In the beginning I didn’t realize that some platforms were much better at reaching my target stakeholders, than most others. By studying the available analytics reports I was able to identify trends. That experience made me more aware of the need to better monitor the outcome of my activity. Social bookmarking can be a very labor-intensive exercise; that is, until you’re able to focus your efforts on the activities that are proven to deliver the optimal results. I now use bookmarklets and browser plug-ins to save time and increase my productivity.
What challenges are you facing today?
Reporting on the meaningful results of these activities is problematic and incomplete. As an example, we have to aggregate reports from different platforms in order to gain all the insights we need to measure performance – the process is manual and time consuming. Also, I’d like to be able to track stakeholder influence and the resulting impact on sales related activities. That would require a sophisticated closed-loop scenario for data capture, where we can better identify the cause and effect of activities on sales-related outcomes.
How has your use of social bookmarking evolved since you started?
Well, in the beginning I was performing these tasks in isolation – the activity seemed like “busy work” to anyone who wasn’t informed about the inherent value. Now, more members of our team participate, so the positive impact is greater and typically achieved in less time. Of course, demonstrated results has given us the ammunition we needed to increase that overall momentum. That said, we could achieve so much more, if others were actively involved.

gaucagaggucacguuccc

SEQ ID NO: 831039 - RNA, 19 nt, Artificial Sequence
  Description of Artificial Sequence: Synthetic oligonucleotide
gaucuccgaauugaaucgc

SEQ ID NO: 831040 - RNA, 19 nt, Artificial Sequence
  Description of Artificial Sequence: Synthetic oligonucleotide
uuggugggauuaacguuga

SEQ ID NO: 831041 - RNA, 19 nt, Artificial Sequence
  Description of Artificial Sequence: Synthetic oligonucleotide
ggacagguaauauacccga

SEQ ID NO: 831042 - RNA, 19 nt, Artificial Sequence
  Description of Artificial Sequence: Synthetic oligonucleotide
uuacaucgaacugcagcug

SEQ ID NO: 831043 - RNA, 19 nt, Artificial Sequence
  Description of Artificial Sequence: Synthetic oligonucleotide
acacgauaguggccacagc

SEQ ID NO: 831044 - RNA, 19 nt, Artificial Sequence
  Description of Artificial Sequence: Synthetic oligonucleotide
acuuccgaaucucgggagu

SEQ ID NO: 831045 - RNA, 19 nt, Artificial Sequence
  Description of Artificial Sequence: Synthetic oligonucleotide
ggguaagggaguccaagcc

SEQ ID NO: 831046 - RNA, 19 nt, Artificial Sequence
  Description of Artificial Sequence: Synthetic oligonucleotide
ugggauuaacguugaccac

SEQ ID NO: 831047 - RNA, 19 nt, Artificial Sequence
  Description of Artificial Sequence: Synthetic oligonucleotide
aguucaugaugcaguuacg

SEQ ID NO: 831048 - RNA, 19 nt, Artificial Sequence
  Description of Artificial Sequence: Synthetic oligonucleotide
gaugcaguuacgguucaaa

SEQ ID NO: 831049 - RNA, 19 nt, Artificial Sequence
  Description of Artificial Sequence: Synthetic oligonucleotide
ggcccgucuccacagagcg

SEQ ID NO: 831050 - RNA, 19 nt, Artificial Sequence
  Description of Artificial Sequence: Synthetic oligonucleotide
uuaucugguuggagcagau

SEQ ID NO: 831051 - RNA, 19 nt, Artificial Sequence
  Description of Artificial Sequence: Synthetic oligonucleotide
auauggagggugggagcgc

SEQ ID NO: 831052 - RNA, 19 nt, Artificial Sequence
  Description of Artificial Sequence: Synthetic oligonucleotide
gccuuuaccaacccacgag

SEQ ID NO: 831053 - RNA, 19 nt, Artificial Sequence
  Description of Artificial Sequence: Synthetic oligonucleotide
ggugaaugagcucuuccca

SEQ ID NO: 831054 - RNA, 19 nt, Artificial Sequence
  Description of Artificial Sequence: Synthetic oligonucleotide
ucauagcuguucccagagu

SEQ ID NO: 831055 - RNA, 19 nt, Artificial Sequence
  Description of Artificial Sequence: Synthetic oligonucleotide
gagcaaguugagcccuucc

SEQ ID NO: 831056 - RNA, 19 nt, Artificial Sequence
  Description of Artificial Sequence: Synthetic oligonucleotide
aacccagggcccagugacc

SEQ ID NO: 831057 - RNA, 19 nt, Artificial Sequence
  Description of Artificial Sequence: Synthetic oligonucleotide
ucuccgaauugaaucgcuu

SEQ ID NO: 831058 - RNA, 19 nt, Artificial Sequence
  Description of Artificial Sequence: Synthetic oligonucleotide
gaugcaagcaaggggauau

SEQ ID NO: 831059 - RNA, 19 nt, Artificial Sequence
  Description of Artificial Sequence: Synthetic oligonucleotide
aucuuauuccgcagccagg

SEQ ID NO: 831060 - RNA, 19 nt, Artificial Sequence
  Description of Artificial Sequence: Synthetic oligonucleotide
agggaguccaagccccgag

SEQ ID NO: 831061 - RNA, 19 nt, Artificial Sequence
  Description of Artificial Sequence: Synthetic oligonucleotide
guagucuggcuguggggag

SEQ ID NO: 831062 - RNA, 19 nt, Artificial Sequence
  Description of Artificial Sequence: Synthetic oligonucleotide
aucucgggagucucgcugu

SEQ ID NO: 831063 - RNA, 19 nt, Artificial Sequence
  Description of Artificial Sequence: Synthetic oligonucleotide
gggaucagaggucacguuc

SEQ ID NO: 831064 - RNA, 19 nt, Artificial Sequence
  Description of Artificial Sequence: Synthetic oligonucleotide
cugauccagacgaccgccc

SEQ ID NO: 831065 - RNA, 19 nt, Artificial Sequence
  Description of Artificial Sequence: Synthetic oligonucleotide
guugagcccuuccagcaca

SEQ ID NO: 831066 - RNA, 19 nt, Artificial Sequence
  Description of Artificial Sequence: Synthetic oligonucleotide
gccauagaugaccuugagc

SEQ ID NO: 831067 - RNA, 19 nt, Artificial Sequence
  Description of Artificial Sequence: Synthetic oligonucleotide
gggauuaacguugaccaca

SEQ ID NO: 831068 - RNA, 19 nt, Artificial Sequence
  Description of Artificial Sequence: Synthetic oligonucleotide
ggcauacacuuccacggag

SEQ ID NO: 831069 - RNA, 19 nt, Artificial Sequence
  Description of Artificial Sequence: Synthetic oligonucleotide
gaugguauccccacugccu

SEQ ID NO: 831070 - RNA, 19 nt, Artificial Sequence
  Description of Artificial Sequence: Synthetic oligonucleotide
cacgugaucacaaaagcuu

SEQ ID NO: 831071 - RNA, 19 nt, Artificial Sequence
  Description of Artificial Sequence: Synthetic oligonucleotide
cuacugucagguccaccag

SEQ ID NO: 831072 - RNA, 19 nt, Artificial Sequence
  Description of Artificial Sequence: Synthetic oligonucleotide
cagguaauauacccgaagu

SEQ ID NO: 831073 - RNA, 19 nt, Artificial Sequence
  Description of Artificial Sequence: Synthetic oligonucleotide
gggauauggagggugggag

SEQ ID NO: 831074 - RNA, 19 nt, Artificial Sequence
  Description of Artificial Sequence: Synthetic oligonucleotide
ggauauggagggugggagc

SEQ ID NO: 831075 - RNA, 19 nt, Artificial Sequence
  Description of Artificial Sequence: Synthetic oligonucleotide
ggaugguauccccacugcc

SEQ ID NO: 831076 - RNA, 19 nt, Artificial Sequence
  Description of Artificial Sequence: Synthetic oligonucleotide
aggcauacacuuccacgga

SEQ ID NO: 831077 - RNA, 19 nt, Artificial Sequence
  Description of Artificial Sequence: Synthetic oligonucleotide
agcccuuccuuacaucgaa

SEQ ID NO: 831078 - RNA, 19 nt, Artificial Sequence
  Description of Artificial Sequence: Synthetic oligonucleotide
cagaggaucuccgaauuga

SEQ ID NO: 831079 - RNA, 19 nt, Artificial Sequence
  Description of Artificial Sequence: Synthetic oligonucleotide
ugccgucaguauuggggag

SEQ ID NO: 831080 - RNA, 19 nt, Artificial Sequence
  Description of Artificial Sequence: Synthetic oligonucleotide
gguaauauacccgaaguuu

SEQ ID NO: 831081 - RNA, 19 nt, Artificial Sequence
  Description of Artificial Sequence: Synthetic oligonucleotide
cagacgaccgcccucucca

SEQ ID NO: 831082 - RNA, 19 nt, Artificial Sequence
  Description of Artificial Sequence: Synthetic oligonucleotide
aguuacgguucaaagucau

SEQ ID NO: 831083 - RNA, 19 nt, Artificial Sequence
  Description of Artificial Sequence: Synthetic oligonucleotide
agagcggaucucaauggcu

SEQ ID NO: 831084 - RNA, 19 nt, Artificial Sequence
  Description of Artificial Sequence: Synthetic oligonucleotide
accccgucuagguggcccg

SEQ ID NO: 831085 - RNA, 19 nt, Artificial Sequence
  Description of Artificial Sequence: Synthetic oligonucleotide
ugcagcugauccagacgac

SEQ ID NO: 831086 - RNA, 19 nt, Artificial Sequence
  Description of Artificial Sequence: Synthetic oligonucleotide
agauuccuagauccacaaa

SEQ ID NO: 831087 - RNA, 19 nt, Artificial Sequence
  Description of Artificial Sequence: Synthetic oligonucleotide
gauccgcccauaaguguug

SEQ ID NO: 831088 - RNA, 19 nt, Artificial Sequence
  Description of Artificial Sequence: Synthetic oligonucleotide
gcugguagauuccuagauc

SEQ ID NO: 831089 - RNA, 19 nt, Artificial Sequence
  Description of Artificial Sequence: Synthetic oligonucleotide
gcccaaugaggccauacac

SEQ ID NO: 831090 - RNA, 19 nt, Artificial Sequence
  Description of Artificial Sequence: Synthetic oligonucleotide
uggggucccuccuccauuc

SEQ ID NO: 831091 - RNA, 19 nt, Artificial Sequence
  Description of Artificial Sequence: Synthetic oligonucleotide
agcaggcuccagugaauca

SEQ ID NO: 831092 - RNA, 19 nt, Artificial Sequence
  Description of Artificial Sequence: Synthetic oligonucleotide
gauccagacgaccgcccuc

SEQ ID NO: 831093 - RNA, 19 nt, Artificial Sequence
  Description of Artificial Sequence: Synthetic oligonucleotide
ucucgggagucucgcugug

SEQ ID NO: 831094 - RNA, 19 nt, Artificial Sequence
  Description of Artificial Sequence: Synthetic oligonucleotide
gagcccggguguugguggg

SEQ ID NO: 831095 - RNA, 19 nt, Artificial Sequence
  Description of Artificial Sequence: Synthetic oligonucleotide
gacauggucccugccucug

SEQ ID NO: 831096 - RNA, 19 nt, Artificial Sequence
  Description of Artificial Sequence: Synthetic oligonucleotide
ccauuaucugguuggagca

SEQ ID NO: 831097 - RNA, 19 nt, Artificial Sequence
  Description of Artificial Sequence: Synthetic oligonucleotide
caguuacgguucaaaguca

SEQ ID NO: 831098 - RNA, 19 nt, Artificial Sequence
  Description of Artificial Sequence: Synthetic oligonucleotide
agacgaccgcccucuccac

What has been the business impact to date?
Our online exposure and stakeholder influence has risen as a direct result of these activities. As an example, StumbleUpon is second only to Twitter in driving new visitors to our Cisco SP360 blog posts – it’s more effective than Facebook. Slowly, but surely, we’re also seeing improvements in SEO results for some of the keyword phrases that we previously identified. The majority of our new visitor traffic continues to come from Google keyword searches, so the fact that our bookmarking has (in aggregate) attracted more than a third of the overall volume is significant progress. We’ve gained many “followers” that have engaged with us and our content assets. Clearly, when we curate and expose the best content for those followers we’re providing a valuable service – that’s very gratifying.